At such a point, it would have been understandable for Herrera Beutler to keep her head down and tend to restive Republican base voters rather than ruffle any more feathers.

Instead, she plucked some of those feathers out.

Her statements on the record to CNN and then publicly released as the impeachment trial neared its end created a temporary tumult in DC:

If it wasn’t already clear before that statement, explicitly calling for other Republicans with knowledge to speak out, Herrera Beutler had made a choice: stand for what was right and not back down. That’s courage and character we have seen far too little of in Washington, DC in recent years.

Herrera Beutler has largely won re-election comfortably since joining in Congress, but her Southwest Washington district is not a safe one. Veterans of Washington GOP politics will attest the home base of Linda Smith and Don Benton had a Trumpy core long before Trump. A 2022 re-election campaign looks quite thorny now for Herrera Beutler.

She’ll have some help. One of her fellow Republicans of courage in the House, Adam Kinzinger, started a “Country First” PAC to support Republicans who believe politics is ultimately about governing, rather than, as Ben Sasse described: “about the weird worship of one dude.” Herrera Beutler is already Country First’s first endorsement. Meanwhile, the Republican Accountability Project (formerly Republican Voters Against Trump) has committed to campaigns supporting Congressional Republicans who voted for impeachment and conviction. They have an ad out supporting Herrera Beutler already.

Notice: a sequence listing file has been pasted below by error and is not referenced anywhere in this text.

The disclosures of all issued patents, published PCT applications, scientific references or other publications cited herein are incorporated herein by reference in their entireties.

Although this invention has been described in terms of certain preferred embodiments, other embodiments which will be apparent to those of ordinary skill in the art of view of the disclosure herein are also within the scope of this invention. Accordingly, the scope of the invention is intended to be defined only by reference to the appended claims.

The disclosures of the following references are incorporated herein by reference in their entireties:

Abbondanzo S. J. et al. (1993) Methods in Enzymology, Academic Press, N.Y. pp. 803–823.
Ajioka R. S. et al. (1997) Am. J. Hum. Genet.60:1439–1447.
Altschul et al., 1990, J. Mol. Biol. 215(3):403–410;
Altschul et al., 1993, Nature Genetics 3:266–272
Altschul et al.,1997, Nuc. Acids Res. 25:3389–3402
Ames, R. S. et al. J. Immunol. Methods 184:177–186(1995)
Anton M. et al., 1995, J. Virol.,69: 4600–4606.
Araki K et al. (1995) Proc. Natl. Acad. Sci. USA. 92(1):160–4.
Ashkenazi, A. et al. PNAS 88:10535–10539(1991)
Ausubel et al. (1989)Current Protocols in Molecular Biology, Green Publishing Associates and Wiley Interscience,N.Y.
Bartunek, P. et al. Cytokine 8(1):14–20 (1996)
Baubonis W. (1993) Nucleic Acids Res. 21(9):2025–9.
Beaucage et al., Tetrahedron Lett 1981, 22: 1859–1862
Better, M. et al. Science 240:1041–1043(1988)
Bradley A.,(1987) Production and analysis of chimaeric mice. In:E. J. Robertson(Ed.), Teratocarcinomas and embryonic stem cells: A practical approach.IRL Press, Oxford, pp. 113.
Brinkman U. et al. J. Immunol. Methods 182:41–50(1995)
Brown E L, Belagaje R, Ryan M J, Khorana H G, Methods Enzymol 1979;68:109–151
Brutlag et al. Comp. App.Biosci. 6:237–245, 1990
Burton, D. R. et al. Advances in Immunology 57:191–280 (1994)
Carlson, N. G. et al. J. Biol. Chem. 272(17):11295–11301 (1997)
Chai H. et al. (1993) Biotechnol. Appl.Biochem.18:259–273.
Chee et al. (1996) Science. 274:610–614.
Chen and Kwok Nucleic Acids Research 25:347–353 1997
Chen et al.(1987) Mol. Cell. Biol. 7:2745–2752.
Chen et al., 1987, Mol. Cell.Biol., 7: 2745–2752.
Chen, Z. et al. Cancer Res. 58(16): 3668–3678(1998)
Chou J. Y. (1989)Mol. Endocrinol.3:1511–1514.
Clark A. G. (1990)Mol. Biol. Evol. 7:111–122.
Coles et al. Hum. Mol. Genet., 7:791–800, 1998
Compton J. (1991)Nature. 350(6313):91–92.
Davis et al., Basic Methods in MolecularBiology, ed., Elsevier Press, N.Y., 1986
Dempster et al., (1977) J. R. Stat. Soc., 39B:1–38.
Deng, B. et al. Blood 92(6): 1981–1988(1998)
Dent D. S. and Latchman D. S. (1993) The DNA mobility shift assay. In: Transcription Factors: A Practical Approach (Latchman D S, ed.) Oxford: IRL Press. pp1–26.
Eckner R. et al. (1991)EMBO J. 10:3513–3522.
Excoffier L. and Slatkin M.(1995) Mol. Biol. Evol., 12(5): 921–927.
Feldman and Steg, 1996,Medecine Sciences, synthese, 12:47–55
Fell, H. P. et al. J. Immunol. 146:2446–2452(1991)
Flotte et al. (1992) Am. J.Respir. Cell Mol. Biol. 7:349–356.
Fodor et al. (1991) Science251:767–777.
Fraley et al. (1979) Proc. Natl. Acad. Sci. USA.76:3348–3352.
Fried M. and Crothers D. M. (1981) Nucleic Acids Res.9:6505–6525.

On the flip side, the wing of the GOP more content to speak crazy to the masses rather than truth to power will inevitably be gunning for Herrera Beutler:

Politicians are not often profiles in courage. Now at least there are ten House Republicans and seven Senate Republicans who chose duty, honor, and integrity over political expediency. Even among those seventeen, with names like Mitt Romney and Liz Cheney, Herrera Beutler stands as tall any. She is a profile in courage in a time of political cowardice.

How Herrera Beutler will fare electorally in 2022 is unclear, yet we need people like her in Congress. More workhorses with courage and less talking heads pausing their scramble for the cameras only long enough to ascertain the current direction of the political winds.  

Jaime Herrera Beutler is exactly the kind of person who should be in office at a time when America needs both parties to believe in and fight for our democratic system of government. She had the character, courage, and moral clarity to not only choose that fight, she repeatedly ran to its frontlines in a time of need while others cowered.

She’s a hero.

Eric Earling formerly worked for U.S. Senator Slade Gorton as well as for President George W. Bush, serving in the U.S. Department of Education. He is a Seattle-area native who was active in Washington politics and policy for over 20 years. He currently lives in Boise, ID.

Your support matters.

Public service journalism is important today as ever. If you get something from our coverage, please consider making a donation to support our work. Thanks for reading our stuff.